Drone Tech, Policy Evolving Quickly
Education, certification, legislation. They are the three probable paths ahead as Unmanned Aerial Vehicles (UAVs), commonly but controversially called drones, continue to grow in popularity.
Quadcopters were a very popular Christmas gift this year... for better or worse. Since it had been almost exactly a year since drones were the topic of the day (on both our Hawaii Public Radio show and our morning news segment), Burt Lum and I hosted a conversation on HPR with drone enthusiasts, drone fans, and drone skeptics.
Well renown UAV expert Ted Ralston and avid quadcopter pilot John Johnson started things off by discussing the FAA's Temporary Flight Restriction (TFR) over Oahu during President Obama's vacation... a no-fly decree that not everyone knew about. Ralston talked about a successful program at the University of Hawaii at Hilo, where UAVs are being used to survey the Puna lava flow. And Johnson mentioned the "wearable selfie drone" unveiled this week at CES.
We also discussed the latest recipient of a coveted FAA exemption from the ban on commercial use: a real estate agent in Arizona can now use a drone to take aerial imagery for his business... provided he gets a pilot's certificate, a medical certificate, and has a dedicated spotter with him while his craft is in the air.
Callers had a lot to say, too. A Big Island resident talked about his UAV, which doesn't have propellers but rather wings that flap like a bird's wings. A Makiki resident, a Hawaii Kai resident, and @jlieu on Twitter all raised concerns over privacy. Yet another caller said we should worry more about governments using UAVs than fellow citizens.
The UAV community, which includes hobbyists, professionals, and researchers, are all still waiting for the FAA to establish guidelines for drone use. But Ralston emphasized that the federal agency is genuinely trying to collaborate with stakeholders to build a framework that ensures safety as well as commercial success.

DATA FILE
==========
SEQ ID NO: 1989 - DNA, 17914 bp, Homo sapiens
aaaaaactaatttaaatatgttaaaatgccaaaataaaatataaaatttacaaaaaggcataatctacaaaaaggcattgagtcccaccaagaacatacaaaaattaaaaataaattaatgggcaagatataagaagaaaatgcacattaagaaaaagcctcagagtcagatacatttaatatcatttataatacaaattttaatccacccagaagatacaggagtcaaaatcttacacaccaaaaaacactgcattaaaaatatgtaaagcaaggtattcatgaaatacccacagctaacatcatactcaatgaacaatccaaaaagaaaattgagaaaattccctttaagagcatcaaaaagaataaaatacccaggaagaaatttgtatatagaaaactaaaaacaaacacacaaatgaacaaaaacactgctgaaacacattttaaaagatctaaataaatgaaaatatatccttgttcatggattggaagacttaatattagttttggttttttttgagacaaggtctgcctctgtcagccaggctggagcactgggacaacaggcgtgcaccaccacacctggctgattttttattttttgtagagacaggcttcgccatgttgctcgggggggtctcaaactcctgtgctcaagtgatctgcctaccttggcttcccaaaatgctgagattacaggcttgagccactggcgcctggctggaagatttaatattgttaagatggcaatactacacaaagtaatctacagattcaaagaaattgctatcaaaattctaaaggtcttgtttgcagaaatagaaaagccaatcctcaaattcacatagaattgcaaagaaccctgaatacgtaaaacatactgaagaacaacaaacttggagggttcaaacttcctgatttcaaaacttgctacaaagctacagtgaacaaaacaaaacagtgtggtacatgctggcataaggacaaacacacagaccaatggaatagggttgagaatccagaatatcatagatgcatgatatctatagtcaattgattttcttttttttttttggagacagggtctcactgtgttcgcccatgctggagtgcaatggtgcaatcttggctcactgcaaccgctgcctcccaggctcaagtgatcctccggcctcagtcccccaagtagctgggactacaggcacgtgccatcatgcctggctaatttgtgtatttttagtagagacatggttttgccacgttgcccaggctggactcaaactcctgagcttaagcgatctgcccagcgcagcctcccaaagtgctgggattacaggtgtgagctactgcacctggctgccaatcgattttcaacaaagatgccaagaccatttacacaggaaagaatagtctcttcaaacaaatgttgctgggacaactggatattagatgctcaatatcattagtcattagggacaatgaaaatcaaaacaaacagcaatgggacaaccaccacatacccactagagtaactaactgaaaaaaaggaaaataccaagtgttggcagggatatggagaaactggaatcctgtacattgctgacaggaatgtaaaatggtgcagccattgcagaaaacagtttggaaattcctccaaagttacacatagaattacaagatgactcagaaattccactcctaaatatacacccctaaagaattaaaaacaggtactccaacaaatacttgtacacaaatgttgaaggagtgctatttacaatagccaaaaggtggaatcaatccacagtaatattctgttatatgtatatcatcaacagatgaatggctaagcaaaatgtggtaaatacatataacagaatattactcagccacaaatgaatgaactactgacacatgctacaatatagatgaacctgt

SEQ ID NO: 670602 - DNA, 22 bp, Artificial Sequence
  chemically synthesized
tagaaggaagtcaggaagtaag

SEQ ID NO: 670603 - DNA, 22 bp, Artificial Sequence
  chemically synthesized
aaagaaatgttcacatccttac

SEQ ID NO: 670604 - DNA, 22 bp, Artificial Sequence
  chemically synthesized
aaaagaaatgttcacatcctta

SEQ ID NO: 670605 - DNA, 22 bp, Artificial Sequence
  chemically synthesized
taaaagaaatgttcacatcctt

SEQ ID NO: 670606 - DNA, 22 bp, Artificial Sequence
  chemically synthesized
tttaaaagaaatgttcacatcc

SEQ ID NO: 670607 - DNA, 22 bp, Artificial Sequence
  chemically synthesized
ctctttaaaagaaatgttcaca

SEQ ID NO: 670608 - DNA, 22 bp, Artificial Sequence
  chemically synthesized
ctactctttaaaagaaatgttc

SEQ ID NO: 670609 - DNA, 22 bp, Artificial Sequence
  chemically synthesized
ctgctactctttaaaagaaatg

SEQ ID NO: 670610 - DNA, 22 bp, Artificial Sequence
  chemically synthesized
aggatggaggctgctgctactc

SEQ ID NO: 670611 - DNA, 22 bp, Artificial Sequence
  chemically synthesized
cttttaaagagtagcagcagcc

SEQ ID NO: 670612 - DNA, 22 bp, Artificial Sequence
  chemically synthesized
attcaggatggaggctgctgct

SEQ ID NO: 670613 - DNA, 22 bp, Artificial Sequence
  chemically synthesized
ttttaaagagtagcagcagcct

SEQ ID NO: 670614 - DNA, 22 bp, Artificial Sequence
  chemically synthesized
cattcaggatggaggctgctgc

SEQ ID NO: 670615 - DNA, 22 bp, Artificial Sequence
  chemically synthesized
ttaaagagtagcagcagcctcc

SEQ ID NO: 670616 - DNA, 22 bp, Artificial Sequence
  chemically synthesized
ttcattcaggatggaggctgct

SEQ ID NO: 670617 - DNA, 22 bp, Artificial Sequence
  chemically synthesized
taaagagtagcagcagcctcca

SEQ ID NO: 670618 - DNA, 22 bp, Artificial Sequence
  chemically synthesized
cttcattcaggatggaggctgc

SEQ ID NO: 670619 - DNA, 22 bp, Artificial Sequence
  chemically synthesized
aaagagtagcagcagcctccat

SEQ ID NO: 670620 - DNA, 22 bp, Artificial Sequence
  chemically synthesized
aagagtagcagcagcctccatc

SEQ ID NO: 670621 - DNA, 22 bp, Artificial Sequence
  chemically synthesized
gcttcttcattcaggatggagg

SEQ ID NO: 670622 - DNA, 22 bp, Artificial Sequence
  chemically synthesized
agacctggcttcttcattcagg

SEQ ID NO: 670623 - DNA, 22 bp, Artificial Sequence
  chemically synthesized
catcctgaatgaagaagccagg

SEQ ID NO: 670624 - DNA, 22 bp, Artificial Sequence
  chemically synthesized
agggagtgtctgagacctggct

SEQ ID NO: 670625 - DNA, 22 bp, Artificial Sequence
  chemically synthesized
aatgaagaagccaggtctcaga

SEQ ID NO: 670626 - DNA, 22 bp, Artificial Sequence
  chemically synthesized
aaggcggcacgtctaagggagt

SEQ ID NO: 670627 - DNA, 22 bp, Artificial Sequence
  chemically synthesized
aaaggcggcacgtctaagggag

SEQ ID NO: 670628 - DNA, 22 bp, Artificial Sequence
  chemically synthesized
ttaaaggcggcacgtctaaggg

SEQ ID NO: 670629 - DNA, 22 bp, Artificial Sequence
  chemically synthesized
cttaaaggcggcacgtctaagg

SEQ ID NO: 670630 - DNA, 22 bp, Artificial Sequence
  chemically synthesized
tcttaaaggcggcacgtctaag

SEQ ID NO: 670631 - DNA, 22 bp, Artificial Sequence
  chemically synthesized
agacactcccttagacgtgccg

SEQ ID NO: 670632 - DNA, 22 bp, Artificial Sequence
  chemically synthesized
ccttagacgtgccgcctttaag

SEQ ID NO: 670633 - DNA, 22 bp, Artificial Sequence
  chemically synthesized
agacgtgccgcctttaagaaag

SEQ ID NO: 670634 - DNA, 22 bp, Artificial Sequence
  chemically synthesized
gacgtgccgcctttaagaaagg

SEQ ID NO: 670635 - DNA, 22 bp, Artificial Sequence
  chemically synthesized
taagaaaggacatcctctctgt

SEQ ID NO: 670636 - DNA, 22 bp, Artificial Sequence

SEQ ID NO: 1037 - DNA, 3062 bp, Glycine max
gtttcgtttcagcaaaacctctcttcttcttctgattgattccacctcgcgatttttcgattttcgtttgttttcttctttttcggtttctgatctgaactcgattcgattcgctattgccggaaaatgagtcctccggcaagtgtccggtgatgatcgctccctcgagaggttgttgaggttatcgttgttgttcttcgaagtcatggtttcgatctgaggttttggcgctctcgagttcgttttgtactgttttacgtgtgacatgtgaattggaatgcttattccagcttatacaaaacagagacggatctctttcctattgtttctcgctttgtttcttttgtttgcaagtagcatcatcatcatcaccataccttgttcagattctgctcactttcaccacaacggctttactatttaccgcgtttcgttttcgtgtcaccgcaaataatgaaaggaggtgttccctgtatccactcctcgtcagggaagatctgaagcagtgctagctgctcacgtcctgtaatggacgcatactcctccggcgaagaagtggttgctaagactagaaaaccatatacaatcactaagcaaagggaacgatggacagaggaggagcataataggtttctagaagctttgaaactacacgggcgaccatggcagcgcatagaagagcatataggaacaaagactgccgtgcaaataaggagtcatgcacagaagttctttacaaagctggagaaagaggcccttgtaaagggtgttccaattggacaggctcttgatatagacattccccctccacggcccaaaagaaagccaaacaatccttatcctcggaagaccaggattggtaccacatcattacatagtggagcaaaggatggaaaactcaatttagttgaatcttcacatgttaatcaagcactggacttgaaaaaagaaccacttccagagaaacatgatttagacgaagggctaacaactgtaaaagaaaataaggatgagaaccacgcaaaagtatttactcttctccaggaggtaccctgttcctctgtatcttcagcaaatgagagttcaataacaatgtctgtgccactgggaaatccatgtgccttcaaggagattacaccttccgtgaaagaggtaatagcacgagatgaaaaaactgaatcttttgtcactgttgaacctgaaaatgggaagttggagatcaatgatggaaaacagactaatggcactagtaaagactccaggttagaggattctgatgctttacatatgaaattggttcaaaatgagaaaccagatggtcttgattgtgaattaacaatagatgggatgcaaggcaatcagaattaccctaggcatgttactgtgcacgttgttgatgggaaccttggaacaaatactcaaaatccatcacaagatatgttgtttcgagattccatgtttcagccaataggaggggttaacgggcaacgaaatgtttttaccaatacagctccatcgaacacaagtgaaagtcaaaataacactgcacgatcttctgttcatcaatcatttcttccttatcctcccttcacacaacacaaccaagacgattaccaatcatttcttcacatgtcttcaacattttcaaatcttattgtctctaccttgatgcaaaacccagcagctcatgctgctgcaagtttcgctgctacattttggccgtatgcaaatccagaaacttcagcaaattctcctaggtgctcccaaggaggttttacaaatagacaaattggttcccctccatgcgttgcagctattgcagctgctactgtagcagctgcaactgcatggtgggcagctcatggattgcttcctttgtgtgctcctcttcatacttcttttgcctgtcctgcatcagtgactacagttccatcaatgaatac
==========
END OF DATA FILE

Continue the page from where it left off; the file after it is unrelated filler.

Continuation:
Johnson noted that most hobbyists actually want some form of regulation, from requiring training or requiring a UAV or other pilot's license. And both Johnson and Ralston agreed that education is key for both pilots as well as the public.
Drone owners need to be aware of restrictions like the holiday TFR and common-sense practices like not flying over crowds. And the public needs to not overreact and try to ban a specific tool and focus instead on preventing their unethical or illegal use. After all, a selfie stick, lipstick camera, and telephoto lens can also help people take pictures that people don't want taken.
Drone owners, or would-be drone owners, can check out some of the following resources:
Aloha Drone (Facebook Group)
Hawaii Affiliation for Drone Pilots (Facebook Group)
Of course, I also love drones (even though I don't own one... yet), and I have been posting photos, videos, and links to Hawaii Drones.
It was a good conversation, and you can listen to the drone segment above or download the entire show as an MP3.